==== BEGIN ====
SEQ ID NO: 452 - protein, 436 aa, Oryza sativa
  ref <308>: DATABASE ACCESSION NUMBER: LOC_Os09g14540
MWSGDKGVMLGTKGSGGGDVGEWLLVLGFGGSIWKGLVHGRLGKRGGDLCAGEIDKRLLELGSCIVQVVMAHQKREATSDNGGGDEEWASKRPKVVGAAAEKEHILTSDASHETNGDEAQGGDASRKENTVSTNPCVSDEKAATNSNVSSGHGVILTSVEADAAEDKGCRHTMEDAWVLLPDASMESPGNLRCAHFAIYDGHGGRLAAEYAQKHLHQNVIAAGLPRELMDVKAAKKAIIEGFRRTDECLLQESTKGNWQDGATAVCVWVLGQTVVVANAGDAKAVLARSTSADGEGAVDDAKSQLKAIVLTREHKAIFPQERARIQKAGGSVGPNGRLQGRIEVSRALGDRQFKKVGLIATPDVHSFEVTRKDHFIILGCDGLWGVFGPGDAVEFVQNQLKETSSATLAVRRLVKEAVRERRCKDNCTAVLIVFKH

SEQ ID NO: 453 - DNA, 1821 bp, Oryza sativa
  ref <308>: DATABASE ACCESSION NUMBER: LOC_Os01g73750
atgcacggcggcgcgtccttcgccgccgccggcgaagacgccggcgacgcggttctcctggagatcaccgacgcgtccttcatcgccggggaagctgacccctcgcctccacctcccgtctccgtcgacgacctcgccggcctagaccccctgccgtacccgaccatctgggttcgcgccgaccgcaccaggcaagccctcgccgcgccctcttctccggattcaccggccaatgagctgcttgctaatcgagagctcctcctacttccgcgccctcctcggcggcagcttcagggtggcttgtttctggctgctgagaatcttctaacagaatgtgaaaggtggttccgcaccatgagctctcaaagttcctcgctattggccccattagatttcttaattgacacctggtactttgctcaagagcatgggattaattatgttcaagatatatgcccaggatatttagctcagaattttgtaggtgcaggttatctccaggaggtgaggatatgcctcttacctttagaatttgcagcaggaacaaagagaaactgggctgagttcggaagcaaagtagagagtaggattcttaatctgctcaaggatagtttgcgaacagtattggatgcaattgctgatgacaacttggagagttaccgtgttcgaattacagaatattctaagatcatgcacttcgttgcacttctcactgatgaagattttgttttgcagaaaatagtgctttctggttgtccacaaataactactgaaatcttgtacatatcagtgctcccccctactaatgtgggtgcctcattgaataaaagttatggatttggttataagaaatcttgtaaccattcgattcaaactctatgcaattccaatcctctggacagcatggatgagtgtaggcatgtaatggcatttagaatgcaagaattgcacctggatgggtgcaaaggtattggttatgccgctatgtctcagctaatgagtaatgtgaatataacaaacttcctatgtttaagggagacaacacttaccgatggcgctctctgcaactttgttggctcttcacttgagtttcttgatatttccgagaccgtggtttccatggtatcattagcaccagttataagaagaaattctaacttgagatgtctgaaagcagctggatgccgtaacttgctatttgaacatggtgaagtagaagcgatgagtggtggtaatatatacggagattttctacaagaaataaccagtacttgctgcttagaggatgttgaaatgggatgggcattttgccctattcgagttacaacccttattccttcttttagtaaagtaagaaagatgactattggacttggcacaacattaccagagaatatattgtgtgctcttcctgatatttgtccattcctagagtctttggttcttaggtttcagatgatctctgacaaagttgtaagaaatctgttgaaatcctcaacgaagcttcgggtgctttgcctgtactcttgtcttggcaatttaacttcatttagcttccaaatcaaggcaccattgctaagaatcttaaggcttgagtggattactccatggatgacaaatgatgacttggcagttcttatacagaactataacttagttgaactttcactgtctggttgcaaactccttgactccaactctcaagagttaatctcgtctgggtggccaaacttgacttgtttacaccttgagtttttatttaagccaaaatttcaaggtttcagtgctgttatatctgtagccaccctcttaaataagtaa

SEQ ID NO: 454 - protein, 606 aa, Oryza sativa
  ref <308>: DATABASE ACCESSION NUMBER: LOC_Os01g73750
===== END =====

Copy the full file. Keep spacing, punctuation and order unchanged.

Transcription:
SEQ ID NO: 452 - protein, 436 aa, Oryza sativa
  ref <308>: DATABASE ACCESSION NUMBER: LOC_Os09g14540
MWSGDKGVMLGTKGSGGGDVGEWLLVLGFGGSIWKGLVHGRLGKRGGDLCAGEIDKRLLELGSCIVQVVMAHQKREATSDNGGGDEEWASKRPKVVGAAAEKEHILTSDASHETNGDEAQGGDASRKENTVSTNPCVSDEKAATNSNVSSGHGVILTSVEADAAEDKGCRHTMEDAWVLLPDASMESPGNLRCAHFAIYDGHGGRLAAEYAQKHLHQNVIAAGLPRELMDVKAAKKAIIEGFRRTDECLLQESTKGNWQDGATAVCVWVLGQTVVVANAGDAKAVLARSTSADGEGAVDDAKSQLKAIVLTREHKAIFPQERARIQKAGGSVGPNGRLQGRIEVSRALGDRQFKKVGLIATPDVHSFEVTRKDHFIILGCDGLWGVFGPGDAVEFVQNQLKETSSATLAVRRLVKEAVRERRCKDNCTAVLIVFKH

SEQ ID NO: 453 - DNA, 1821 bp, Oryza sativa
  ref <308>: DATABASE ACCESSION NUMBER: LOC_Os01g73750
atgcacggcggcgcgtccttcgccgccgccggcgaagacgccggcgacgcggttctcctggagatcaccgacgcgtccttcatcgccggggaagctgacccctcgcctccacctcccgtctccgtcgacgacctcgccggcctagaccccctgccgtacccgaccatctgggttcgcgccgaccgcaccaggcaagccctcgccgcgccctcttctccggattcaccggccaatgagctgcttgctaatcgagagctcctcctacttccgcgccctcctcggcggcagcttcagggtggcttgtttctggctgctgagaatcttctaacagaatgtgaaaggtggttccgcaccatgagctctcaaagttcctcgctattggccccattagatttcttaattgacacctggtactttgctcaagagcatgggattaattatgttcaagatatatgcccaggatatttagctcagaattttgtaggtgcaggttatctccaggaggtgaggatatgcctcttacctttagaatttgcagcaggaacaaagagaaactgggctgagttcggaagcaaagtagagagtaggattcttaatctgctcaaggatagtttgcgaacagtattggatgcaattgctgatgacaacttggagagttaccgtgttcgaattacagaatattctaagatcatgcacttcgttgcacttctcactgatgaagattttgttttgcagaaaatagtgctttctggttgtccacaaataactactgaaatcttgtacatatcagtgctcccccctactaatgtgggtgcctcattgaataaaagttatggatttggttataagaaatcttgtaaccattcgattcaaactctatgcaattccaatcctctggacagcatggatgagtgtaggcatgtaatggcatttagaatgcaagaattgcacctggatgggtgcaaaggtattggttatgccgctatgtctcagctaatgagtaatgtgaatataacaaacttcctatgtttaagggagacaacacttaccgatggcgctctctgcaactttgttggctcttcacttgagtttcttgatatttccgagaccgtggtttccatggtatcattagcaccagttataagaagaaattctaacttgagatgtctgaaagcagctggatgccgtaacttgctatttgaacatggtgaagtagaagcgatgagtggtggtaatatatacggagattttctacaagaaataaccagtacttgctgcttagaggatgttgaaatgggatgggcattttgccctattcgagttacaacccttattccttcttttagtaaagtaagaaagatgactattggacttggcacaacattaccagagaatatattgtgtgctcttcctgatatttgtccattcctagagtctttggttcttaggtttcagatgatctctgacaaagttgtaagaaatctgttgaaatcctcaacgaagcttcgggtgctttgcctgtactcttgtcttggcaatttaacttcatttagcttccaaatcaaggcaccattgctaagaatcttaaggcttgagtggattactccatggatgacaaatgatgacttggcagttcttatacagaactataacttagttgaactttcactgtctggttgcaaactccttgactccaactctcaagagttaatctcgtctgggtggccaaacttgacttgtttacaccttgagtttttatttaagccaaaatttcaaggtttcagtgctgttatatctgtagccaccctcttaaataagtaa

SEQ ID NO: 454 - protein, 606 aa, Oryza sativa
  ref <308>: DATABASE ACCESSION NUMBER: LOC_Os01g73750